Federal Express used to have signs all over their drop off offices that said they did not take cash. Is it a stretch to imagine that other private businesses wont do the same if ‘asks’ them to?

      There may be a time when we go back to bartering, not because the economy collapsed but because our expectations of privacy did.

    • *sarcasm mode on*

      Uh nope. Not at all. Move along. Nothing to see.

      Ooo! Dancing with the Stars is on! Look! Look!

      *sarcasm mode off*

      I’ve read more and more about how much little actual physical bills and coins are part of our “money supply”. Makes me think that if John Q Public goes to withdraw all their savings (I remember the long lines during the S&L scandal in the 80s) that at some point some people are going to leave the institutions empty handed.

      Look to Greece during the recent banking holidays. People limited to percentages of their holdings for withdrawls. We are told to put our money in banks to keep it safe, yet the entities out there can withhold it (Greece) or even reduce it (Cyprus) and you can basically do nothing but wave your little plastic card angrily and stomp around.

      What could POSSIBLY go wrong in a cashless world?

  3. On the topic of prepaid debit cards, does anyone know if there are any that don’t nickle and dime you to death any more?

    I remember in the nineties receiving prepaid cards as a gift, and no fees where charged back then.

    A couple of years back, when I went to Europe, I looked into getting one so I wouldn’t need to worry about my credit card while overseas, and all the ones I could find charged more fees than I was willing to deal with…

  4. Concur all. For many, it’s just one more reason to stack gold & silver.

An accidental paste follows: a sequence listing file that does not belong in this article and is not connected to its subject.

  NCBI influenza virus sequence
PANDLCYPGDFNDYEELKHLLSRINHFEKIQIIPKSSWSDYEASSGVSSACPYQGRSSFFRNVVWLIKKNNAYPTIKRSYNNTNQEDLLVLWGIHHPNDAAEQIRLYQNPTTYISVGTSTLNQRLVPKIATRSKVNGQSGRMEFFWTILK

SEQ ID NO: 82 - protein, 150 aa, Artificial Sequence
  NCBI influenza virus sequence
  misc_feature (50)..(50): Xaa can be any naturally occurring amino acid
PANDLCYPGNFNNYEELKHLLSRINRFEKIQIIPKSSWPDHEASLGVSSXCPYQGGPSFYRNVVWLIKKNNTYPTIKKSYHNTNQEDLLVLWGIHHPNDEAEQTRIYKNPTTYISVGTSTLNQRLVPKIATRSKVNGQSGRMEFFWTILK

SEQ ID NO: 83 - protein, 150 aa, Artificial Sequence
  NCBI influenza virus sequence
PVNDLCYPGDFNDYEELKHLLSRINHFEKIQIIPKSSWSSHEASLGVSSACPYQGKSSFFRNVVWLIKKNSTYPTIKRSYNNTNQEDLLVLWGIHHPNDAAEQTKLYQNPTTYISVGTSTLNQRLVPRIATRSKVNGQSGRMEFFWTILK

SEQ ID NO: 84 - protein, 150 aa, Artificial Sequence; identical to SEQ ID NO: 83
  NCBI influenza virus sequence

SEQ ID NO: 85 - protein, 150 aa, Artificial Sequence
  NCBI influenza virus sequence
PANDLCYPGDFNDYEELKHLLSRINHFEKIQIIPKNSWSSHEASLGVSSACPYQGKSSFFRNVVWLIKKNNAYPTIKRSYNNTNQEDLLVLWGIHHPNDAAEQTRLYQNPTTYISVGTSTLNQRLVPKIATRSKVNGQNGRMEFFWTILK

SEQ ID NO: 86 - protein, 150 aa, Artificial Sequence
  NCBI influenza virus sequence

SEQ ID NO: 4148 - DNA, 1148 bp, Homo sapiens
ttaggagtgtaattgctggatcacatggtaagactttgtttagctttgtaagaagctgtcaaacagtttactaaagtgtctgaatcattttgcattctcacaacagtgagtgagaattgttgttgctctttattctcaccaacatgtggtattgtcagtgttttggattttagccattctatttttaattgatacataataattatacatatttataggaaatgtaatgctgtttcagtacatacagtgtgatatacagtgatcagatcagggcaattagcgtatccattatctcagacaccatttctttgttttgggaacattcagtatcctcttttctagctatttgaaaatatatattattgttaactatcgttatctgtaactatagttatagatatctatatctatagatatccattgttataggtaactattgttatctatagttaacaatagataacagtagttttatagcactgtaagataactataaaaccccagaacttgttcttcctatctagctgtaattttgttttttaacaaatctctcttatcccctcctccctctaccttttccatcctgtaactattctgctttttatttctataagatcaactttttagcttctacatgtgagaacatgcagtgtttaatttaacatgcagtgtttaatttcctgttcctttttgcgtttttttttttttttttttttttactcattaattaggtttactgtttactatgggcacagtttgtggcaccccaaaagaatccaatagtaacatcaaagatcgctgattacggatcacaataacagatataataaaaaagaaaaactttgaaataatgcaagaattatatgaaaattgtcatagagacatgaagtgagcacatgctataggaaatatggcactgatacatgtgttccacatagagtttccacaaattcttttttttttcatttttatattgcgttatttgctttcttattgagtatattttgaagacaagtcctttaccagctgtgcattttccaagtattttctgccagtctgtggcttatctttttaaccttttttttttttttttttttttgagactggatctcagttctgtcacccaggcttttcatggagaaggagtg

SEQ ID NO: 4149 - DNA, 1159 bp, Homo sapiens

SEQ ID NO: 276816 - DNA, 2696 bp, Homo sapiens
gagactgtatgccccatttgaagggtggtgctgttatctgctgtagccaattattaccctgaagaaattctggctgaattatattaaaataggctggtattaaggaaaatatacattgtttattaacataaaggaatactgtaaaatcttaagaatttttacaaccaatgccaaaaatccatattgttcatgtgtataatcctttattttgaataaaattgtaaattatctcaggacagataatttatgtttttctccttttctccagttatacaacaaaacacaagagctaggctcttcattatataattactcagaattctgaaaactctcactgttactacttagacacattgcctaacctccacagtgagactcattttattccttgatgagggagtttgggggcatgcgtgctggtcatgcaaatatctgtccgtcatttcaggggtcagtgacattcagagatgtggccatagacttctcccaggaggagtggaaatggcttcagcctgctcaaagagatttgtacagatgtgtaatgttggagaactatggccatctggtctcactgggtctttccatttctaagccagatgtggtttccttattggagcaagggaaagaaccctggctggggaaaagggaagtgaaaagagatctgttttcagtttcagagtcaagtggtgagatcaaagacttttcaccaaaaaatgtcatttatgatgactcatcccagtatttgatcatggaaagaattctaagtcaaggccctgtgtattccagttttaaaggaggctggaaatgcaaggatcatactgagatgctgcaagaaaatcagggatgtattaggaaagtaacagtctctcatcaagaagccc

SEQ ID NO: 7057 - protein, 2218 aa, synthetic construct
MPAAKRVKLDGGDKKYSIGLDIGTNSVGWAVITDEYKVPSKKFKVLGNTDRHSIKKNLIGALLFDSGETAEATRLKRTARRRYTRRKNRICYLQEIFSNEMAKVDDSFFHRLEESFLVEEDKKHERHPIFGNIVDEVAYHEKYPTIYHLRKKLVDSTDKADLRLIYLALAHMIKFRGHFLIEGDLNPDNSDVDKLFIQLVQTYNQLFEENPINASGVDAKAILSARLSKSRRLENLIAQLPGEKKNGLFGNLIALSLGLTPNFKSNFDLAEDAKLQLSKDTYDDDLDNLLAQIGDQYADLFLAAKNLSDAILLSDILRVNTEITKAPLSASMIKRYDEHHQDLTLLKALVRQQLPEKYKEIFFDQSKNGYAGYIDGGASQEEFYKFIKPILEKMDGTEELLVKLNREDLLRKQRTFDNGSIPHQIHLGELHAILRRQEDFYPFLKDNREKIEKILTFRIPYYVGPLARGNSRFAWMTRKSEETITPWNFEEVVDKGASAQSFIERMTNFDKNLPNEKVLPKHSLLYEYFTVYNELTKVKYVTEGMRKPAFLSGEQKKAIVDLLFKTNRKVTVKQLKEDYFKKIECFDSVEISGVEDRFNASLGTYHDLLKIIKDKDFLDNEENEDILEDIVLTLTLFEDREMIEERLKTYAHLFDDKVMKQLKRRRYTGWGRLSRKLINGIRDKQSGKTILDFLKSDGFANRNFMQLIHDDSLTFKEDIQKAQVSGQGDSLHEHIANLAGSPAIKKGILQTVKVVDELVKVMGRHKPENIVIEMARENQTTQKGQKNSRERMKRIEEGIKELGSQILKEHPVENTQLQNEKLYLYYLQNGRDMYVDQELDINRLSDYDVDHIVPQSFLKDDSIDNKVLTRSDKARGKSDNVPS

Perfect value.
    Perfectly trustworthy.
    Perfectly invisible.

  5. I have been ‘not playing their game’ for over a decade now. I am seeing more business’ with signs that read, ‘help us and pay with cash’. Now I go to small stores and very seldom go to a national chain stores, so it stands to reason that I would see this more than your average consumer. The question is why? Are they avoiding transaction fees or avoiding the tax gestapo? Both would be my guess.

    I haven’t wrote a check or paid with a CC in a store since…can’t remember.

    I do have one card that does my online stuff, can’t seem to break that habit. Any suggestions?

    • It’s a tough one. I’ve noted that online retailers especially, are more & more reluctant to take money orders or certified checks. The best you can do for a retailer like Midway USA, is buy an anonymous debit card from Wally World (use an alias) and make your puchases. But those debit cards are a rip-off.

      • SD3, thought about that route too. I hate fees. The stuff still has to ship to your address, so do I really gain anonymity? It’s not like I’m buying anything illegal, I just don’t want to let the overlords know that I’m trying to corner the market on beans and rice 🙂

Comments are closed.